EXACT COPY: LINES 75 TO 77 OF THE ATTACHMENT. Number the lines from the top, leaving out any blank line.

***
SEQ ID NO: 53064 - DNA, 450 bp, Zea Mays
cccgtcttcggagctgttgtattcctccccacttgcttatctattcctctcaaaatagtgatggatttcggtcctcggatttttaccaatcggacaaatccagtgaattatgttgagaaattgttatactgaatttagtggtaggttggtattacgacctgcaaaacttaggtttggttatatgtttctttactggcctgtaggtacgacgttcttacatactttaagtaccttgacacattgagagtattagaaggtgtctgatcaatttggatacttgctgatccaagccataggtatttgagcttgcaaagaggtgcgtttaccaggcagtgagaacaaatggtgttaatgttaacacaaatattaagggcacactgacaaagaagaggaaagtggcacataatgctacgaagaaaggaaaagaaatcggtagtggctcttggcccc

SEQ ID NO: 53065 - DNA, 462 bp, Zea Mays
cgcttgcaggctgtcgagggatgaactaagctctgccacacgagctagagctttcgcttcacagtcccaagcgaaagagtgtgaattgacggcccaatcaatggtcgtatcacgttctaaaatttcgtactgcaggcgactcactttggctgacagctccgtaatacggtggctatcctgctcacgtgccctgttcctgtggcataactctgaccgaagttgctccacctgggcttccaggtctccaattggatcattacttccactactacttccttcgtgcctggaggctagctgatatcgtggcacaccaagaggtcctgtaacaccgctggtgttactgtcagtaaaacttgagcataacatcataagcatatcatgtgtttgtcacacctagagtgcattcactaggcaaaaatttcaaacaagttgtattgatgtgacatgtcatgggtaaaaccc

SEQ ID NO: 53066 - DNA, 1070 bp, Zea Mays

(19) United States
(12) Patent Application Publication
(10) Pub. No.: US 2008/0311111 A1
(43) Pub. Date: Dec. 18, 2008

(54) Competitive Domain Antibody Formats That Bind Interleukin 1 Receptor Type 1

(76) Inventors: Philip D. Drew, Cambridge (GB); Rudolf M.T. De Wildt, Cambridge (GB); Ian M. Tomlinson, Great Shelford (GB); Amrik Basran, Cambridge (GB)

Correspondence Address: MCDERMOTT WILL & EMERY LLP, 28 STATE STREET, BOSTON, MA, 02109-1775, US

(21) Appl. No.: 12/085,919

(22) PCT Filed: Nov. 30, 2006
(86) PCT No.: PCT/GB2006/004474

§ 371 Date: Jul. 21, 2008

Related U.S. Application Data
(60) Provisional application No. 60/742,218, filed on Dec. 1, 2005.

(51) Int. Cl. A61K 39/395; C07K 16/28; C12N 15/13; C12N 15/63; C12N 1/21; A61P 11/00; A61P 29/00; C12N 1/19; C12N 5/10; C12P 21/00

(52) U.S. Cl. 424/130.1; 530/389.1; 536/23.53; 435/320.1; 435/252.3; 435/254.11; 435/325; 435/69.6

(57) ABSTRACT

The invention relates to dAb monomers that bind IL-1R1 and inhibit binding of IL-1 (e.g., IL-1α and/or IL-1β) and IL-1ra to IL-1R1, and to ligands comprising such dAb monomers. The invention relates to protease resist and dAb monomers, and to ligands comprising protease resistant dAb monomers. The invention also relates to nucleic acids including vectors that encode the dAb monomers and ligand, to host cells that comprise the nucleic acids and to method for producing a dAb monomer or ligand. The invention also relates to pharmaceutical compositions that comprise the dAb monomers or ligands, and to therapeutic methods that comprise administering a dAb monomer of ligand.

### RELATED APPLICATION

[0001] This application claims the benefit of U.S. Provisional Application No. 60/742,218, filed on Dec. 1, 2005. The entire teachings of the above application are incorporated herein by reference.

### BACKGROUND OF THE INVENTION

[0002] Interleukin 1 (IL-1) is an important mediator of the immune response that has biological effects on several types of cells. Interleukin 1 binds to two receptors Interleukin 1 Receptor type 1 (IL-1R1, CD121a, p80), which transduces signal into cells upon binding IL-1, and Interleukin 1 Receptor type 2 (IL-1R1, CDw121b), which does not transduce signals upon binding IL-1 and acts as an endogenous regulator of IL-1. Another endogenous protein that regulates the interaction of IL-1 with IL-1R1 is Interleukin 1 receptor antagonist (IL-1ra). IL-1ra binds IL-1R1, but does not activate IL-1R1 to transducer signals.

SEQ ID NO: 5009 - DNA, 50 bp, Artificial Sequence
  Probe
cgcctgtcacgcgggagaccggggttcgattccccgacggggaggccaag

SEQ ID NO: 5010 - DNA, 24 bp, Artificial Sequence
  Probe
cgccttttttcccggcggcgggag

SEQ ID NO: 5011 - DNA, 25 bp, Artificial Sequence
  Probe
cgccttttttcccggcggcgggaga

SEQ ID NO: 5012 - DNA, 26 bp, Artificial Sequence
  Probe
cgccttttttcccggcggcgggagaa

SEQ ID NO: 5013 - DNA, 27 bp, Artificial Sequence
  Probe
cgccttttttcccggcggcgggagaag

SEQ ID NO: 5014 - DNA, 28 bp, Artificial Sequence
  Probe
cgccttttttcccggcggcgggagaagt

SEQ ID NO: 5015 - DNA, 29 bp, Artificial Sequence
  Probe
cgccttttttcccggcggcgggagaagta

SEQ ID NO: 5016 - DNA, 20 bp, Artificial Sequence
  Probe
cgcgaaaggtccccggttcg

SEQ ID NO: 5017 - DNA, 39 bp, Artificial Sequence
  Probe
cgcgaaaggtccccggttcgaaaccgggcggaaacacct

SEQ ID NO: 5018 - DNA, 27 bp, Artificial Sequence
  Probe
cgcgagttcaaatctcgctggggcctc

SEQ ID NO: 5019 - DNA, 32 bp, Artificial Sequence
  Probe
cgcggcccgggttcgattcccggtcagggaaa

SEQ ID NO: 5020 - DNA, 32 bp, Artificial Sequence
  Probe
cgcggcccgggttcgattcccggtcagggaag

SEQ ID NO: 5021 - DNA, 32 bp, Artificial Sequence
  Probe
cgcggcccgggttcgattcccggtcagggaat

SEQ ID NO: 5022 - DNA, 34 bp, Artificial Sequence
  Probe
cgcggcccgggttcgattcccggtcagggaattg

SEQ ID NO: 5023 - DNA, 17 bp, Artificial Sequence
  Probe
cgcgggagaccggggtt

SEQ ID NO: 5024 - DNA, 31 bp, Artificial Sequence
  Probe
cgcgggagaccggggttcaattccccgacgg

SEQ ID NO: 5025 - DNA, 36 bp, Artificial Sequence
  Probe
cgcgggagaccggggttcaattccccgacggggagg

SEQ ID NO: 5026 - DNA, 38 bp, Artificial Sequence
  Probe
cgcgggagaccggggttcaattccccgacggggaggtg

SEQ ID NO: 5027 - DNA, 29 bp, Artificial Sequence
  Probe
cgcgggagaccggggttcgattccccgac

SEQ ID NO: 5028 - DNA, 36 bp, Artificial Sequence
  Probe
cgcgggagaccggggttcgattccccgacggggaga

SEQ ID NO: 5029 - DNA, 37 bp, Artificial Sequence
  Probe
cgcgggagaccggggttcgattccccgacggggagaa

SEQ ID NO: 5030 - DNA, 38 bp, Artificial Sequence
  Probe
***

SEQ ID NO: 5025 - DNA, 36 bp, Artificial Sequence
  Probe
cgcgggagaccggggttcaattccccgacggggagg